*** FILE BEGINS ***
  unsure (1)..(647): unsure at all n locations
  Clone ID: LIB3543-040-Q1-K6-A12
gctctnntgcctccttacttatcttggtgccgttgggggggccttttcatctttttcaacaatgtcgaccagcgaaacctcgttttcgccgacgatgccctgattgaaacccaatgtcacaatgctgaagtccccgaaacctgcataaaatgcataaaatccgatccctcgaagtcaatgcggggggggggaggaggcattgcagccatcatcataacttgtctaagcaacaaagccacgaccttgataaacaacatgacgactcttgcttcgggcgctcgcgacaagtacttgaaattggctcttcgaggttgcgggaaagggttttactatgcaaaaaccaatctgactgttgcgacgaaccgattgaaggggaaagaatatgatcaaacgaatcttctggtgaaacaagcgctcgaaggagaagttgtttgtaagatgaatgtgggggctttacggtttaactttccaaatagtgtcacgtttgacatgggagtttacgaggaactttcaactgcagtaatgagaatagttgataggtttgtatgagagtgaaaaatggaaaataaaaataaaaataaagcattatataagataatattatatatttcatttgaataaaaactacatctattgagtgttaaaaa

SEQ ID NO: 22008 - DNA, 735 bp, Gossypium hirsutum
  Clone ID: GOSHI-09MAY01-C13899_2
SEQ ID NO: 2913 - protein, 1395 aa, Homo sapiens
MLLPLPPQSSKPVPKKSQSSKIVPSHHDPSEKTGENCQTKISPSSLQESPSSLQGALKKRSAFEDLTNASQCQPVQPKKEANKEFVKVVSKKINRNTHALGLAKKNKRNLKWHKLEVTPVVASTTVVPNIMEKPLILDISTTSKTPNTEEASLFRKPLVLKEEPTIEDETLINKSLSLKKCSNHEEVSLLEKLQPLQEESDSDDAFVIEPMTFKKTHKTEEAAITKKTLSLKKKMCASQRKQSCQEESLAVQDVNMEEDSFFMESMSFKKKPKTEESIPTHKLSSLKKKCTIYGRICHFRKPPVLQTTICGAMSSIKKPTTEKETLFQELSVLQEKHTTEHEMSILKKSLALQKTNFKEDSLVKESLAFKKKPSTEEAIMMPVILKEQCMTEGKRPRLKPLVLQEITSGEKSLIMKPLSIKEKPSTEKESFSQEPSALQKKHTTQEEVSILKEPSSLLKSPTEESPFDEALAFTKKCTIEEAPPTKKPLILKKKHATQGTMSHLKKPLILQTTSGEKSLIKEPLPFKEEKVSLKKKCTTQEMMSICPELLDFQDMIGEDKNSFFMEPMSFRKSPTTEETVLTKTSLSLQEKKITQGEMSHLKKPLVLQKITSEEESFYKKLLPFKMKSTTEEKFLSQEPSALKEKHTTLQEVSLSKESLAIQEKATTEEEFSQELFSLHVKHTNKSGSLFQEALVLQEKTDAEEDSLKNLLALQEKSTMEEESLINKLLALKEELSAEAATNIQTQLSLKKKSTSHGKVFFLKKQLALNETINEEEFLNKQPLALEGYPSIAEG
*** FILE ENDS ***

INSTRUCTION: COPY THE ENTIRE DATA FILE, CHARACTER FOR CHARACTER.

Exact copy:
  unsure (1)..(647): unsure at all n locations
  Clone ID: LIB3543-040-Q1-K6-A12
gctctnntgcctccttacttatcttggtgccgttgggggggccttttcatctttttcaacaatgtcgaccagcgaaacctcgttttcgccgacgatgccctgattgaaacccaatgtcacaatgctgaagtccccgaaacctgcataaaatgcataaaatccgatccctcgaagtcaatgcggggggggggaggaggcattgcagccatcatcataacttgtctaagcaacaaagccacgaccttgataaacaacatgacgactcttgcttcgggcgctcgcgacaagtacttgaaattggctcttcgaggttgcgggaaagggttttactatgcaaaaaccaatctgactgttgcgacgaaccgattgaaggggaaagaatatgatcaaacgaatcttctggtgaaacaagcgctcgaaggagaagttgtttgtaagatgaatgtgggggctttacggtttaactttccaaatagtgtcacgtttgacatgggagtttacgaggaactttcaactgcagtaatgagaatagttgataggtttgtatgagagtgaaaaatggaaaataaaaataaaaataaagcattatataagataatattatatatttcatttgaataaaaactacatctattgagtgttaaaaa

SEQ ID NO: 22008 - DNA, 735 bp, Gossypium hirsutum
  Clone ID: GOSHI-09MAY01-C13899_2
SEQ ID NO: 2913 - protein, 1395 aa, Homo sapiens
MLLPLPPQSSKPVPKKSQSSKIVPSHHDPSEKTGENCQTKISPSSLQESPSSLQGALKKRSAFEDLTNASQCQPVQPKKEANKEFVKVVSKKINRNTHALGLAKKNKRNLKWHKLEVTPVVASTTVVPNIMEKPLILDISTTSKTPNTEEASLFRKPLVLKEEPTIEDETLINKSLSLKKCSNHEEVSLLEKLQPLQEESDSDDAFVIEPMTFKKTHKTEEAAITKKTLSLKKKMCASQRKQSCQEESLAVQDVNMEEDSFFMESMSFKKKPKTEESIPTHKLSSLKKKCTIYGRICHFRKPPVLQTTICGAMSSIKKPTTEKETLFQELSVLQEKHTTEHEMSILKKSLALQKTNFKEDSLVKESLAFKKKPSTEEAIMMPVILKEQCMTEGKRPRLKPLVLQEITSGEKSLIMKPLSIKEKPSTEKESFSQEPSALQKKHTTQEEVSILKEPSSLLKSPTEESPFDEALAFTKKCTIEEAPPTKKPLILKKKHATQGTMSHLKKPLILQTTSGEKSLIKEPLPFKEEKVSLKKKCTTQEMMSICPELLDFQDMIGEDKNSFFMEPMSFRKSPTTEETVLTKTSLSLQEKKITQGEMSHLKKPLVLQKITSEEESFYKKLLPFKMKSTTEEKFLSQEPSALKEKHTTLQEVSLSKESLAIQEKATTEEEFSQELFSLHVKHTNKSGSLFQEALVLQEKTDAEEDSLKNLLALQEKSTMEEESLINKLLALKEELSAEAATNIQTQLSLKKKSTSHGKVFFLKKQLALNETINEEEFLNKQPLALEGYPSIAEG